Bush lawyers off the hook for torture policy

Discussion in 'Politics' started by kut2k2, Feb 20, 2010.

  1. kut2k2


    Obama is so committed to nonexistent bipartisanship that he can't even punish war criminals from the Bush/Cheney administration. WTF! :mad:


    DOJ: No Misconduct for Bush Interrogation Lawyers

    Published: February 20, 2010
    Filed at 1:54 a.m. ET

    WASHINGTON (AP) -- Justice Department lawyers showed "poor judgment" but did not commit professional misconduct when they authorized CIA interrogators to use waterboarding and other harsh tactics at the height of the U.S. war on terrorism, an internal review released Friday found.

    The decision closes the book on one of the major lingering investigations into the counterterrorism policies of George W. Bush's administration. President Barack Obama campaigned on abolishing the simulated drowning technique of waterboarding and other tactics that he called torture, but he left open the question of whether anyone would be punished for authorizing such methods.

    Liberal Democrats had pressed for action against the authors of the so-called torture memos, and they indicated they aren't finished discussing the matter. Senate Judiciary Committee Chairman Patrick Leahy, D-Vt., said he was "deeply offended" by the legal memos and planned to hold a hearing Feb. 26.

    An initial review by the Justice Department's internal affairs unit found that former government lawyers Jay Bybee and John Yoo had committed professional misconduct, a conclusion that could have cost them their law licenses. But, underscoring just how controversial and legally thorny the memos have become, the Justice Department's top career lawyer reviewed the matter and disagreed.

    "This decision should not be viewed as an endorsement of the legal work that underlies those memoranda," Assistant Deputy Attorney General David Margolis wrote in a memo released Friday.

    Margolis, the top nonpolitical Justice Department lawyer and a veteran of several administrations, called the legal memos "flawed" and said that, at every opportunity, they gave interrogators as much leeway as possible under U.S. torture laws. But he said Yoo and Bybee were not reckless and did not knowingly give incorrect advice, the standard for misconduct.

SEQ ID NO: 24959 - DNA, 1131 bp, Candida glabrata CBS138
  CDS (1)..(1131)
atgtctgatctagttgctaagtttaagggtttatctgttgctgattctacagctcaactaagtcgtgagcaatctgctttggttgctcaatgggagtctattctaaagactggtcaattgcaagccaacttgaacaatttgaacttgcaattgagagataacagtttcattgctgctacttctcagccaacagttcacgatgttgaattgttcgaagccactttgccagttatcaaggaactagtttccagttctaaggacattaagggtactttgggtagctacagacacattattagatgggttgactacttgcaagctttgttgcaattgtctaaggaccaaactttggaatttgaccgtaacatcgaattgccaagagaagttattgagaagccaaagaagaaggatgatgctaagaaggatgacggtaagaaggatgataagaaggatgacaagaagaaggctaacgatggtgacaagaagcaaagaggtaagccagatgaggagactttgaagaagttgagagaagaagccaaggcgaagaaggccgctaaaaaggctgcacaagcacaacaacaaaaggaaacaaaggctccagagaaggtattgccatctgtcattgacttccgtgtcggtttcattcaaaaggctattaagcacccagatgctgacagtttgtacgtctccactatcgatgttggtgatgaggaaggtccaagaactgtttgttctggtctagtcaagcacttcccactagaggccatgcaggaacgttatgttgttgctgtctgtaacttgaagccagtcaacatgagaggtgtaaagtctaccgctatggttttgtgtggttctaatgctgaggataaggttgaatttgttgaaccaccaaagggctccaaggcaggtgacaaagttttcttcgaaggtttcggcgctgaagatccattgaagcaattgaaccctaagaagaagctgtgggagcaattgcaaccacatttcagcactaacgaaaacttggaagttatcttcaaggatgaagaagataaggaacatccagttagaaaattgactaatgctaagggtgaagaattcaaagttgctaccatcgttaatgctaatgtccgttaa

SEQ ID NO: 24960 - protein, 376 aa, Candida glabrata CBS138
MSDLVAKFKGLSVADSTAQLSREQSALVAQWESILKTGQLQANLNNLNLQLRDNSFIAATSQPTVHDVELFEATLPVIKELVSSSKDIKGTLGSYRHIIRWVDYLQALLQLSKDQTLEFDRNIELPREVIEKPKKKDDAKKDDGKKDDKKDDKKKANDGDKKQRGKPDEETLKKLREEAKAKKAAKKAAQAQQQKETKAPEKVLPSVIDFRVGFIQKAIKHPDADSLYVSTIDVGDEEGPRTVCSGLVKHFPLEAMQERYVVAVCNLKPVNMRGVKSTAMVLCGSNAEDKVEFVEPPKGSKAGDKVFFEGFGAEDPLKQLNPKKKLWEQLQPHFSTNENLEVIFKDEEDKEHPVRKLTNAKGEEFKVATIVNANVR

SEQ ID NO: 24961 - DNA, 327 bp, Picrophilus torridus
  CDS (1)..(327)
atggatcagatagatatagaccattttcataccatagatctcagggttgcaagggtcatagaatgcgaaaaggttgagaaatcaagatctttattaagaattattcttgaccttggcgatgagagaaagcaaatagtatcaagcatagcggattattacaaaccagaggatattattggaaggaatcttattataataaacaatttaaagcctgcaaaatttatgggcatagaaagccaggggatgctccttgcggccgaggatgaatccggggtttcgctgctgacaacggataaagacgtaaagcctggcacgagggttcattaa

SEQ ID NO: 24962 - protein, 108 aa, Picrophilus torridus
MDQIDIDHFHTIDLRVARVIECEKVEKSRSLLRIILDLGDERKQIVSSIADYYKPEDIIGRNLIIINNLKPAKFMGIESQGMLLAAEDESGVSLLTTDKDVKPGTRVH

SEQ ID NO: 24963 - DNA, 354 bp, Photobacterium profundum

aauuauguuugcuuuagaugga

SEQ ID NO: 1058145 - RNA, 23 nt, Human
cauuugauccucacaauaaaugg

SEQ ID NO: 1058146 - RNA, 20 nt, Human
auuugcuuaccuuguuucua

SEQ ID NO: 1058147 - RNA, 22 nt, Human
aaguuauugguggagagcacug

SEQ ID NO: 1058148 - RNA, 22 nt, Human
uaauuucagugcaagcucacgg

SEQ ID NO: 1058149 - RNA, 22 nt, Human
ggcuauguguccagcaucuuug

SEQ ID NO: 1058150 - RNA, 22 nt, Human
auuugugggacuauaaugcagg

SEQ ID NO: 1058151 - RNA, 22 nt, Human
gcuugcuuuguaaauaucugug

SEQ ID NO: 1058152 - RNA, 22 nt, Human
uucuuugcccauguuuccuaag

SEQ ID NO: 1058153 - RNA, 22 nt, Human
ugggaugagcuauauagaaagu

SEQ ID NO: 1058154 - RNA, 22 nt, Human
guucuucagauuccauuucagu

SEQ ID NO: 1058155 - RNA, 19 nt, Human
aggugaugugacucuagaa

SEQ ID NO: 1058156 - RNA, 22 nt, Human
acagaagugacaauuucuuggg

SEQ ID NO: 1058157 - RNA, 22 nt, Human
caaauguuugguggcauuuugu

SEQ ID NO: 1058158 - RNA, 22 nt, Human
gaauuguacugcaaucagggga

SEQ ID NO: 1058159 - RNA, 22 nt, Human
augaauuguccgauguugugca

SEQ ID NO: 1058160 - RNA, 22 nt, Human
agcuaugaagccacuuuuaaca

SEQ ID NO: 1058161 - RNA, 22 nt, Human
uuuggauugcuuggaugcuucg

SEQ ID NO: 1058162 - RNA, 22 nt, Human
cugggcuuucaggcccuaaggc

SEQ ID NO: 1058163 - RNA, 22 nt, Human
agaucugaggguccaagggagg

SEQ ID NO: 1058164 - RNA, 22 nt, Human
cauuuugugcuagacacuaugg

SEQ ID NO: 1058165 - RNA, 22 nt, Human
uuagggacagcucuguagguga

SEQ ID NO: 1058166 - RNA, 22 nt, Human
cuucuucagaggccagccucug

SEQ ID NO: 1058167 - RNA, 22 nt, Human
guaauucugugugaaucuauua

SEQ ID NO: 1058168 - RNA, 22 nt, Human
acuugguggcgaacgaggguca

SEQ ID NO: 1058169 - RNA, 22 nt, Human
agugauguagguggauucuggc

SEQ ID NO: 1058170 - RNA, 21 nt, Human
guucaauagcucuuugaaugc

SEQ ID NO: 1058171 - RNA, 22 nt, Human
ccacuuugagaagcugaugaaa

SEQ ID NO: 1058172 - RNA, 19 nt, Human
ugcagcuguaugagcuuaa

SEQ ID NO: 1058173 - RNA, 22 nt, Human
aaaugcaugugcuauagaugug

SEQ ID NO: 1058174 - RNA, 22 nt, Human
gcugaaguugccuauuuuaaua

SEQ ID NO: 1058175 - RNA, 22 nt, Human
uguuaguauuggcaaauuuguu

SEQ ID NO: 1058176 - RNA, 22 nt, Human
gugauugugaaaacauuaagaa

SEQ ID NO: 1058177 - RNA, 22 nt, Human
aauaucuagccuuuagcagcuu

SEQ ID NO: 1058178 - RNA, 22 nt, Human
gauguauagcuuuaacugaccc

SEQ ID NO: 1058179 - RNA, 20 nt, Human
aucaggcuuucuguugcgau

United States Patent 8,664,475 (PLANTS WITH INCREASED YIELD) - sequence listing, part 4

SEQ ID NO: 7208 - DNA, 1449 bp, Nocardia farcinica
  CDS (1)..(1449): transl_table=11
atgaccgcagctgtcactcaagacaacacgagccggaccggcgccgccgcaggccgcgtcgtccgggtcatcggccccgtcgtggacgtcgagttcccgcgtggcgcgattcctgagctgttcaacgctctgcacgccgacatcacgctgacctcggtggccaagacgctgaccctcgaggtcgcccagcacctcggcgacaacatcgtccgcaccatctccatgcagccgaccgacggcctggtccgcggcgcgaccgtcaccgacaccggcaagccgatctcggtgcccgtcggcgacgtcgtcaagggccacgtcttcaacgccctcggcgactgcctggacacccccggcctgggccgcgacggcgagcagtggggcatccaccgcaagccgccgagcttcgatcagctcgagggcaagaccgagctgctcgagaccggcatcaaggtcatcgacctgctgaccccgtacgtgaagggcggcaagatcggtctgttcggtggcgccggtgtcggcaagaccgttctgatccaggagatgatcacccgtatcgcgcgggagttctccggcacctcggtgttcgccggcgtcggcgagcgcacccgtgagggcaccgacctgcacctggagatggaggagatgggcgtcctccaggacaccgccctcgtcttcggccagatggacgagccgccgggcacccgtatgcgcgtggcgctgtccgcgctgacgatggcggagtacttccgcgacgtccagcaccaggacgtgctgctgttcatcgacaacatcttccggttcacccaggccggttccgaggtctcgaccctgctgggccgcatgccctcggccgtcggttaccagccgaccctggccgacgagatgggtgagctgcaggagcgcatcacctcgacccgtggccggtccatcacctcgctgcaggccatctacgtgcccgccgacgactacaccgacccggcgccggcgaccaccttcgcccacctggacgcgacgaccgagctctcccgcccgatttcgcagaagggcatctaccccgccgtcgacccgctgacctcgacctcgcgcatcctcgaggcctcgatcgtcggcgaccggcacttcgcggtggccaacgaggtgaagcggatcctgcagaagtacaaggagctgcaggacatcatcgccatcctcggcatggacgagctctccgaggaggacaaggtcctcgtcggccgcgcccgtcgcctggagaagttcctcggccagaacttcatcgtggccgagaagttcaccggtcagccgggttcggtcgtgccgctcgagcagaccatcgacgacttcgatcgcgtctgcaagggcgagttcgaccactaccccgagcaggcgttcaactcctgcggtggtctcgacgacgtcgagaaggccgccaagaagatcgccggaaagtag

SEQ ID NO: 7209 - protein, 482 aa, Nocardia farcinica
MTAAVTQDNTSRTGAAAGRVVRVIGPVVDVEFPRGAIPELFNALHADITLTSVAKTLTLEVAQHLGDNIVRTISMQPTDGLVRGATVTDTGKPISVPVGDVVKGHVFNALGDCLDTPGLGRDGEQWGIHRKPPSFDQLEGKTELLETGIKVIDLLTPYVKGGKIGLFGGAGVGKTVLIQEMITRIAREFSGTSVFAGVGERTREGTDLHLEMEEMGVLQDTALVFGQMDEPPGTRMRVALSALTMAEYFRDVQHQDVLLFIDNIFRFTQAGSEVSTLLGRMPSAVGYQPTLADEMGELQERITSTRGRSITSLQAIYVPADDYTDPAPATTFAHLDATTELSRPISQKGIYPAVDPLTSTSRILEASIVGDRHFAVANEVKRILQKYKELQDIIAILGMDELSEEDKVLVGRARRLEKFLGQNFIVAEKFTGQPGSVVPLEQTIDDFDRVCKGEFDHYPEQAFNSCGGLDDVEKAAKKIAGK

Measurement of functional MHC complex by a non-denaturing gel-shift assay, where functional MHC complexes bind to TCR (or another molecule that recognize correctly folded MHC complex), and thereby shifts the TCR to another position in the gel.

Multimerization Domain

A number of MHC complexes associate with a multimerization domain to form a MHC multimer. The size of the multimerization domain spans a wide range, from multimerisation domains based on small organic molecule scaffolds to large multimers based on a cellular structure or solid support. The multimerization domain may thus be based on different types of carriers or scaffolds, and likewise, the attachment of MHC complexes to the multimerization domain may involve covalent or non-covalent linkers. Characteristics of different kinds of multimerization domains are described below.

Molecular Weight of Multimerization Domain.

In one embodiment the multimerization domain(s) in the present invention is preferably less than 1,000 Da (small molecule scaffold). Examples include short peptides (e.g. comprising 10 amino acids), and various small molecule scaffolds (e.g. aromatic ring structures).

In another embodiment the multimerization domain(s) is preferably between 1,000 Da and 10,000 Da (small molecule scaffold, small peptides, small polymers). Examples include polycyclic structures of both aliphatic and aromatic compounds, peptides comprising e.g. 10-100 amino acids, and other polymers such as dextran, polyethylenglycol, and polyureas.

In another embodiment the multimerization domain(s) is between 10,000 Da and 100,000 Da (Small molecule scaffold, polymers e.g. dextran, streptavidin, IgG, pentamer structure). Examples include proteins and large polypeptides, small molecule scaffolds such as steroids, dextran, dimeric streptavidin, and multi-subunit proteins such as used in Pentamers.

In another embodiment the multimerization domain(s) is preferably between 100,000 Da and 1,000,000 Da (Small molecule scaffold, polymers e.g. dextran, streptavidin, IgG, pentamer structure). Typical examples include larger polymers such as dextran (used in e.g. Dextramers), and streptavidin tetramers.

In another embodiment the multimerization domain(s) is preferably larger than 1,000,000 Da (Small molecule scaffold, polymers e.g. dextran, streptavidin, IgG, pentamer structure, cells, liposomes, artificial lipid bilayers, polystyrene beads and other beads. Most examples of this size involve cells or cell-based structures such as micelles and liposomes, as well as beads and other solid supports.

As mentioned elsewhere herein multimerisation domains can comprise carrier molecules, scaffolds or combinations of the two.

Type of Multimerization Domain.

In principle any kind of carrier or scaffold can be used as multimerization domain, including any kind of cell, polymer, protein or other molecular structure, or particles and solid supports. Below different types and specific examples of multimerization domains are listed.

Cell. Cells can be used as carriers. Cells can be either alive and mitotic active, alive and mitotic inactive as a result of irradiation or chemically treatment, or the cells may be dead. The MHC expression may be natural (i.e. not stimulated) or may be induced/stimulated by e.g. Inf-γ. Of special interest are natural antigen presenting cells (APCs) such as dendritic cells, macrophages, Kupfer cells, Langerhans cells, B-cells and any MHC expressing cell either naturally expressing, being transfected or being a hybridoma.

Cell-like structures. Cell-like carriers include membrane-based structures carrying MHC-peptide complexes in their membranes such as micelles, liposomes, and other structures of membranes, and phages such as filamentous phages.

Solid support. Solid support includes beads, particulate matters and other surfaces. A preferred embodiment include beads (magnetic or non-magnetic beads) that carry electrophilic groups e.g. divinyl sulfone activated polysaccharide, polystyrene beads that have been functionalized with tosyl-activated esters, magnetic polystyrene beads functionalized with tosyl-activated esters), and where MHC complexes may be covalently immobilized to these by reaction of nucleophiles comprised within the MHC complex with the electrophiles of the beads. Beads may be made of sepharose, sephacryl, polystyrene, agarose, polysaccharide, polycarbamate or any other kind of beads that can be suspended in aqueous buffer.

The Office of Professional Responsibility, led by another veteran career prosecutor, Mary Patrice Brown, disagreed.

    "Situations of great stress, danger and fear do not relieve department attorneys of their duty to provide thorough, objective and candid legal advice, even if that advice is not what the client wants to hear," her team wrote in a report that criticized the memos for a "lack of thoroughness, objectivity and candor."

    The internal report also faulted then-Attorney General John Ashcroft and then-Criminal Division chief Michael Chertoff for not scrutinizing the memos and recognizing their flaws, but the report did not cite them for misconduct.

    Yoo is now a law professor at the University of California, Berkeley, and Bybee is a federal judge on the 9th U.S. Circuit Court of Appeals based in San Francisco. The decision spares them any immediate sanctions, though state bar associations could independently take up the matter.

    The memos authorized CIA interrogators to use waterboarding, keep detainees naked, hold them in painful standing positions and keep them in the cold for long periods of time. Other techniques included depriving them of solid food and slapping them. Sleep deprivation, prolonged shackling and threats to a detainee's family were also used.

    The memos have been embroiled in national security politics for years. The memos laid out a broad interpretation of executive power, one the previous administration also used to authorize warrantless wiretapping and secret prisons. Democrats say the Bush administration used shoddy lawyering to legitimize such policies.

    Republicans said the memos, authored by two well-respected attorneys, gave the CIA the authority it needed to keep America safe in the panic-filled months after the Sept. 11, 2001 terrorist attacks. The memos were hurriedly put together in days, and supporters of Yoo and Bybee note that investigators have had years to dissect them.

    Many have criticized the Obama administration for trying to politicize legal advice.

    "We can only hope that the department's decision will establish once and for all that dedicated public officials may have honest disagreements on difficult matters of legal judgment without violating ethical standards," Bybee's lawyer, Maureen Mahoney, said Friday.

    Yoo's lawyer, Miguel Estrada, was more pointed. During the lengthy investigation, Estrada accused internal investigators of trying to be "Junior Varsity CIA" that second-guessed intelligence decisions. Friday, he said the two lawyers never deserved to be investigated in the first place.

    "The only thing that warrants an ethical investigation out of this entire sorry business is the number of malicious allegations against Professor Yoo and Judge Bybee that leaked out of the department during the last year," Estrada said.